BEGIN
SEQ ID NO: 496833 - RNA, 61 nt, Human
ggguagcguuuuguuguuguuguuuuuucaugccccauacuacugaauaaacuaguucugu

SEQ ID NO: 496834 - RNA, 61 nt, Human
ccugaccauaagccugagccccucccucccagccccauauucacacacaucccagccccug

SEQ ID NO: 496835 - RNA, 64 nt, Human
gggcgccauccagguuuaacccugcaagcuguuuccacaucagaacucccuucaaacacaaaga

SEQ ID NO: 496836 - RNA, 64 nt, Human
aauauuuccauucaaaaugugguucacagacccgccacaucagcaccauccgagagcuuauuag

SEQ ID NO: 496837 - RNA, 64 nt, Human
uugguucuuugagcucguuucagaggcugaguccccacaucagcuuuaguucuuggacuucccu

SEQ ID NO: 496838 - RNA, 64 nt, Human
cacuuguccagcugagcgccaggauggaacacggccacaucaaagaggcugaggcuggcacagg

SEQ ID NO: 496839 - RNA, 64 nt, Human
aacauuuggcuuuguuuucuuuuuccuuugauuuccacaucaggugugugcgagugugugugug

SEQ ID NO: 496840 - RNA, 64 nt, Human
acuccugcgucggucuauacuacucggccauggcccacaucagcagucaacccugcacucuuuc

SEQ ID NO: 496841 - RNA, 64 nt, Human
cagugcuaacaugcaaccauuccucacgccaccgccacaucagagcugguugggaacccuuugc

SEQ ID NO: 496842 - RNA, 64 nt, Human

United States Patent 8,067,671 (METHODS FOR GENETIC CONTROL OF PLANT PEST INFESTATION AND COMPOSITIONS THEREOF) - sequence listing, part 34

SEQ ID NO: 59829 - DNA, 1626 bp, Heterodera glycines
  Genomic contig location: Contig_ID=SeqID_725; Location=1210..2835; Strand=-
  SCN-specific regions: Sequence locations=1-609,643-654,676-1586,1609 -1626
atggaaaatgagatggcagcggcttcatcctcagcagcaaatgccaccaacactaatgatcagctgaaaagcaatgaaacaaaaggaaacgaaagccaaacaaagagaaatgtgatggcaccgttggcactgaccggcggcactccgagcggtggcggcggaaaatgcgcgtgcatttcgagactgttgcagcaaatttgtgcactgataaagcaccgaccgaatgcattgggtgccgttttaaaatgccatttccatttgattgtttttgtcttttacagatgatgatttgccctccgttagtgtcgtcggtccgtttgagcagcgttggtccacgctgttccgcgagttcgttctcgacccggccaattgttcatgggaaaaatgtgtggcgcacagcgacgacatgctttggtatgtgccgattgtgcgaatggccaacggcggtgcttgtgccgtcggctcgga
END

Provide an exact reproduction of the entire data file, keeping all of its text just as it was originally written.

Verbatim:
SEQ ID NO: 496833 - RNA, 61 nt, Human
ggguagcguuuuguuguuguuguuuuuucaugccccauacuacugaauaaacuaguucugu

SEQ ID NO: 496834 - RNA, 61 nt, Human
ccugaccauaagccugagccccucccucccagccccauauucacacacaucccagccccug

SEQ ID NO: 496835 - RNA, 64 nt, Human
gggcgccauccagguuuaacccugcaagcuguuuccacaucagaacucccuucaaacacaaaga

SEQ ID NO: 496836 - RNA, 64 nt, Human
aauauuuccauucaaaaugugguucacagacccgccacaucagcaccauccgagagcuuauuag

SEQ ID NO: 496837 - RNA, 64 nt, Human
uugguucuuugagcucguuucagaggcugaguccccacaucagcuuuaguucuuggacuucccu

SEQ ID NO: 496838 - RNA, 64 nt, Human
cacuuguccagcugagcgccaggauggaacacggccacaucaaagaggcugaggcuggcacagg

SEQ ID NO: 496839 - RNA, 64 nt, Human
aacauuuggcuuuguuuucuuuuuccuuugauuuccacaucaggugugugcgagugugugugug

SEQ ID NO: 496840 - RNA, 64 nt, Human
acuccugcgucggucuauacuacucggccauggcccacaucagcagucaacccugcacucuuuc

SEQ ID NO: 496841 - RNA, 64 nt, Human
cagugcuaacaugcaaccauuccucacgccaccgccacaucagagcugguugggaacccuuugc

SEQ ID NO: 496842 - RNA, 64 nt, Human

United States Patent 8,067,671 (METHODS FOR GENETIC CONTROL OF PLANT PEST INFESTATION AND COMPOSITIONS THEREOF) - sequence listing, part 34

SEQ ID NO: 59829 - DNA, 1626 bp, Heterodera glycines
  Genomic contig location: Contig_ID=SeqID_725; Location=1210..2835; Strand=-
  SCN-specific regions: Sequence locations=1-609,643-654,676-1586,1609 -1626
atggaaaatgagatggcagcggcttcatcctcagcagcaaatgccaccaacactaatgatcagctgaaaagcaatgaaacaaaaggaaacgaaagccaaacaaagagaaatgtgatggcaccgttggcactgaccggcggcactccgagcggtggcggcggaaaatgcgcgtgcatttcgagactgttgcagcaaatttgtgcactgataaagcaccgaccgaatgcattgggtgccgttttaaaatgccatttccatttgattgtttttgtcttttacagatgatgatttgccctccgttagtgtcgtcggtccgtttgagcagcgttggtccacgctgttccgcgagttcgttctcgacccggccaattgttcatgggaaaaatgtgtggcgcacagcgacgacatgctttggtatgtgccgattgtgcgaatggccaacggcggtgcttgtgccgtcggctcgga